ProPublica is committed to increasing the diversity of our workplace as well as of the journalism community more broadly, and each year we publish a report of what we’re doing about it. This is the report for 2022; here are all our past reports.

Our Commitment

We believe that it is crucial to fill our newsroom with people from a broad range of backgrounds, ages and perspectives. We are committed to recruiting and retaining people from communities that have long been underrepresented, not only in journalism but particularly in investigative journalism. That includes African Americans, Latinos, other people of color, women, LGBTQ people and people with disabilities.

ProPublica has continued to expand, growing from 137 full-time employees at the start of 2021 to 160 in 2022, largely due to the launch of regional units in the South and Southwest and the expansion of our Midwest office. In addition to our talent recruitment efforts, mentorship opportunities and financial stipends, many of ProPublica’s diversity efforts this year continued to be internal, focused on onboarding and staff development.

The Diversity Committee comprises more than 50 ProPublicans who volunteer their time to work on initiatives that are pitched and run by the staff. The current co-chairs are Caroline Chen, Vianna Davila, Melissa Sanchez and Liz Sharp.

Breakdown of Our Staff

As with last year, we tracked candidates through the application and interview process. Out of 50 positions filled in 2021, 55% of the candidates we interviewed identified as women, and 47% identified as being part of a racial/ethnic group other than solely non-Hispanic white. Of those we hired, 45% identified as women and 44% as being part of a racial/ethnic group other than solely non-Hispanic white.

The percentage of all ProPublica staff members who identified as solely non-Hispanic white was 59%, the same as last year. In editorial positions, staff members who identified as solely non-Hispanic white also stayed the same as last year, at 58%.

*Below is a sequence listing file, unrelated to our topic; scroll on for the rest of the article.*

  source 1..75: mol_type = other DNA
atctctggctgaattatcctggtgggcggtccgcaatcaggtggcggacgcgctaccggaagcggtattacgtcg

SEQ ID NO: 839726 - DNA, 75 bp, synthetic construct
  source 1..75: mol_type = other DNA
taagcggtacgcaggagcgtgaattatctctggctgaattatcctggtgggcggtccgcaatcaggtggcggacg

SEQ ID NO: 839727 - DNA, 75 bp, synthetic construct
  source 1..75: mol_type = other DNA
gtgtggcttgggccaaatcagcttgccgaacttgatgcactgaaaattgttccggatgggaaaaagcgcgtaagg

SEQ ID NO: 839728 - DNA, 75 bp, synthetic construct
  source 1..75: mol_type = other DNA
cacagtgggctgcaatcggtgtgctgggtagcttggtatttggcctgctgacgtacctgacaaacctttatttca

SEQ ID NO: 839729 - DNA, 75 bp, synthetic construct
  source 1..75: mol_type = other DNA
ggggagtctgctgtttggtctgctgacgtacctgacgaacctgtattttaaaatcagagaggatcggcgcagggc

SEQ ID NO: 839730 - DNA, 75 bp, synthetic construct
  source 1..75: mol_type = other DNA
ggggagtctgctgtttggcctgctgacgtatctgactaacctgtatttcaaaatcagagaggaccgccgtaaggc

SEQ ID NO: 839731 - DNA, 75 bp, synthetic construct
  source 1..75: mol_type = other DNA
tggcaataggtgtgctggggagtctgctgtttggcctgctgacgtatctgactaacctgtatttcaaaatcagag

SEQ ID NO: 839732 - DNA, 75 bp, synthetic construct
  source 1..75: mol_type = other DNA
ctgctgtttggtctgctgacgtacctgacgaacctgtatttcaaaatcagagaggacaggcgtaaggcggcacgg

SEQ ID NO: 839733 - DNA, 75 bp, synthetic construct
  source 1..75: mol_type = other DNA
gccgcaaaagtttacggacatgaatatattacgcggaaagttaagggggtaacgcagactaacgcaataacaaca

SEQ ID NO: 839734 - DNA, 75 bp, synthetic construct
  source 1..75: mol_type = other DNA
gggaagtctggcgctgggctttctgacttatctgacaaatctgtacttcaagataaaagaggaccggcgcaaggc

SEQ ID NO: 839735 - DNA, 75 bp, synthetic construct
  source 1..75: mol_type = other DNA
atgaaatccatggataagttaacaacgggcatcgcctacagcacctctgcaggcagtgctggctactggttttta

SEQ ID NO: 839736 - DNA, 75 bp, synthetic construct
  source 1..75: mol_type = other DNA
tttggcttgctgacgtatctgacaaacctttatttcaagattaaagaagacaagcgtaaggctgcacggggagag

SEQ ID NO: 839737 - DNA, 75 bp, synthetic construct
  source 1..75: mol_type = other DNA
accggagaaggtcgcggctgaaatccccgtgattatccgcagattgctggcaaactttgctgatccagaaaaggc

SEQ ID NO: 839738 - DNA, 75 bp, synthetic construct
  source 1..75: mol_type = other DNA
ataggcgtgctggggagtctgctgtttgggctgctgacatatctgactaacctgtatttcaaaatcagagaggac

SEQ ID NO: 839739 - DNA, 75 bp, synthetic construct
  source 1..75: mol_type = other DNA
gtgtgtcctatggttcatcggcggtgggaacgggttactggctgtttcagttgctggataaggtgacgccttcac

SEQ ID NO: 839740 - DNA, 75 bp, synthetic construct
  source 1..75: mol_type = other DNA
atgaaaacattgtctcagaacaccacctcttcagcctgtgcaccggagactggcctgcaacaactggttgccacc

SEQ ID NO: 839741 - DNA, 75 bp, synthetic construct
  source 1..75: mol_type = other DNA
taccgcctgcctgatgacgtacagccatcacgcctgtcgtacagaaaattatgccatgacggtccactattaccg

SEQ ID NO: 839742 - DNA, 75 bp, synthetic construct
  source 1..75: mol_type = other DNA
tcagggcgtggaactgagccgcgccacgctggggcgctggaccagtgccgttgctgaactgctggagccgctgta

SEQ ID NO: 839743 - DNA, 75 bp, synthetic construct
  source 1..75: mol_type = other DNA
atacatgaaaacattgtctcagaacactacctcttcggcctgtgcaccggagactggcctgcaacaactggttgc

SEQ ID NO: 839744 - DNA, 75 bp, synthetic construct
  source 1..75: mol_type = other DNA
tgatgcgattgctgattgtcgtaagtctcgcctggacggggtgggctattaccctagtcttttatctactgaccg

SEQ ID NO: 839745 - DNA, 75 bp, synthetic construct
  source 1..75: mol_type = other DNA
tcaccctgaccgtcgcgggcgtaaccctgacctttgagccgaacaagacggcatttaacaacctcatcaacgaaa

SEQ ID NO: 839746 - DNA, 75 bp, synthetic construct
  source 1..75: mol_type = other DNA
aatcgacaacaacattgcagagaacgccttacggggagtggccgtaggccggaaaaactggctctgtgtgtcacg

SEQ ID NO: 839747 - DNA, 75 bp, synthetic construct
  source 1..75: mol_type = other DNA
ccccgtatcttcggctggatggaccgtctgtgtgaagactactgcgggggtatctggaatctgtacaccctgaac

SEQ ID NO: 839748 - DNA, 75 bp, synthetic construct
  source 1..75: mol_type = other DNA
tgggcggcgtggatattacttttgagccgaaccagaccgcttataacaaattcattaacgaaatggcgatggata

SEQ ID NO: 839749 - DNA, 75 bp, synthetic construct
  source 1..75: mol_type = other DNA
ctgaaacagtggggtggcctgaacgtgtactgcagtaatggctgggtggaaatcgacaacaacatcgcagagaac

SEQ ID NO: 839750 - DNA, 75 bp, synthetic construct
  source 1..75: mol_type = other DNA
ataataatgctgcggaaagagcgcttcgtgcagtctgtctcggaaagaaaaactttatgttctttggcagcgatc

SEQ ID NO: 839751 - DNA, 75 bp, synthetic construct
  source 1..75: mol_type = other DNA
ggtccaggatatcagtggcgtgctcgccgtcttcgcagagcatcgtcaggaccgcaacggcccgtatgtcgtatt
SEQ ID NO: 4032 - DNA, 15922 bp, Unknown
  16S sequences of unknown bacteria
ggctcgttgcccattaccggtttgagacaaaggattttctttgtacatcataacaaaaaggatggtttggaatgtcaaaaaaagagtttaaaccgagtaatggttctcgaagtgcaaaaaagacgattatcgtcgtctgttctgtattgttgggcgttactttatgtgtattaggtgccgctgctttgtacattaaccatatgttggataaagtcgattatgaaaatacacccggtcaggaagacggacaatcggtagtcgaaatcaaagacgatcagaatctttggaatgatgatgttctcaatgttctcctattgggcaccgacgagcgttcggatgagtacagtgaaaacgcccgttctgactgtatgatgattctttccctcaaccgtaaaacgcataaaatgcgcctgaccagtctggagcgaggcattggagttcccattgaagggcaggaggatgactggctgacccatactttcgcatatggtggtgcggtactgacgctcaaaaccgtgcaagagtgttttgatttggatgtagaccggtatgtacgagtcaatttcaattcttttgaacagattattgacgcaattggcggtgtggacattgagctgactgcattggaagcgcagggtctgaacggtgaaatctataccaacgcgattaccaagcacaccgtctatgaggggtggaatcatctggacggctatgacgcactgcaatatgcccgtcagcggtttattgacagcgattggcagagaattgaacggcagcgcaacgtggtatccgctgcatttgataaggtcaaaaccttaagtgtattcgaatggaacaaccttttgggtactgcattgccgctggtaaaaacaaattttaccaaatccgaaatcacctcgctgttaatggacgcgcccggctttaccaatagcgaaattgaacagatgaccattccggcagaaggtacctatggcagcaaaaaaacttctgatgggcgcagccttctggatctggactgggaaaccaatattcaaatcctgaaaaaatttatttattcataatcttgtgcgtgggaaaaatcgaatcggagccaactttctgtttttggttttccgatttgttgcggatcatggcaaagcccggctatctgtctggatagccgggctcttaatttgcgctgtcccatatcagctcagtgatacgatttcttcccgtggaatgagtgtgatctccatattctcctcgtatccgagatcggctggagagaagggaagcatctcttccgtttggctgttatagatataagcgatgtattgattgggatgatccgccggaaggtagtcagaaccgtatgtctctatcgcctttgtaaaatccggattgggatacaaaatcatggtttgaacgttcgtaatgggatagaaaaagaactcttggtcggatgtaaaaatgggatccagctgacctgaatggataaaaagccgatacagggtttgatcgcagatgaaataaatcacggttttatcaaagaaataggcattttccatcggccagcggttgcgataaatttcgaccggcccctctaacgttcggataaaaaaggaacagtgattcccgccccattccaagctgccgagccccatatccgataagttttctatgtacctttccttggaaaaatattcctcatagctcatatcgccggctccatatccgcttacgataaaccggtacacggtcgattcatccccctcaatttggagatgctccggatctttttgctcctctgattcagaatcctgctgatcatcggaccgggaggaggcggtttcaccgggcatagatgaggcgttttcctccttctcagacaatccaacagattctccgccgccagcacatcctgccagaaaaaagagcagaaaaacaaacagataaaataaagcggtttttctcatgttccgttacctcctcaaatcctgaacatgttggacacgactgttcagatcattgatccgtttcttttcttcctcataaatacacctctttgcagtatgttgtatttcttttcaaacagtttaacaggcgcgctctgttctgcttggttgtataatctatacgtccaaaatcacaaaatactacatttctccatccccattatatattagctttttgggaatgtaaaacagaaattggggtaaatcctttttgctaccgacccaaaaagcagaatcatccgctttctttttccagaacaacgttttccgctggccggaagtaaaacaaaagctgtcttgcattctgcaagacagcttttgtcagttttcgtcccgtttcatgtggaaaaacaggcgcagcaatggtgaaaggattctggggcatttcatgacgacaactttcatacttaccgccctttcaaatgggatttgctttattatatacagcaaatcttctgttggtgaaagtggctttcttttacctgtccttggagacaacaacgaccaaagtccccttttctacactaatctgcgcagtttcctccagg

For the fourth year in a row, more women than men work at ProPublica. In editorial positions, women represented 51% of the staff.

As we’ve said since 2015, part of our commitment to diversity means being transparent about our own numbers. Here are the breakdowns:

Race and Ethnicity: All of ProPublica

Bar chart of all company staff by race and ethnicity in 2022, showing that 59% of employees identified solely as non-Hispanic white in both 2022 and 2021.

Race and Ethnicity: Editorial

Bar chart of editorial staff by race and ethnicity, showing that 58% of employees identified solely as non-Hispanic white in both 2022 and 2021.

Race and Ethnicity: Managers

Bar chart of managers by race and ethnicity, showing that 65% of employees identified solely as non-Hispanic white in 2022 and 66% in 2021.

Gender: All of ProPublica

Bar chart of company staff by gender, showing that 56% of employees identified as female in 2022 and 53% in 2021.

Gender: Editorial

Bar chart of editorial staff by gender, showing that 51% of employees identified as female in 2022 and 50% in 2021.

Gender: Managers

Bar chart of managers by gender, showing that 55% of employees identified as female in 2022 and 58% in 2021.

Note: The data is based on employees’ self-reported information. Recognizing that some people may identify as more than one race but not identify as a person of color, from this year onward we are stating these numbers in terms of people who “solely identify as non-Hispanic white.” We hope this will provide more specificity and accuracy. In previous years, we have sometimes given statistics with the term “people of color.” To better compare current data to previous years, ProPublica used employee information as of Jan. 1, which was not the date used in the 2021 annual report; as a result, figures for 2021 differ from what was previously reported. Managers are defined as staff members who supervise other people and do not include all editors. Percentages may not add up to 100 because of rounding.

Our Ongoing Efforts

We think about our efforts in the following ways: building the pipeline (for us and for all of investigative journalism), recruiting talent and improving our hiring process, and inclusion and retention. As the pandemic continued to disrupt our ability to carry out many in-person diversity initiatives, ProPublica has continued to offer virtual training and development opportunities:

  • The conference subcommittee, led by Maya Miller and Irena Hwang, partnered with Journalism Mentors in the lead-up to the summer conference season. Twenty ProPublica staff members provided affinity conference attendees with general advice or portfolio reviews. The partnership was so successful that we decided to keep it active outside of the traditional conference season. (Interested in signing up for a session? You can do so here.)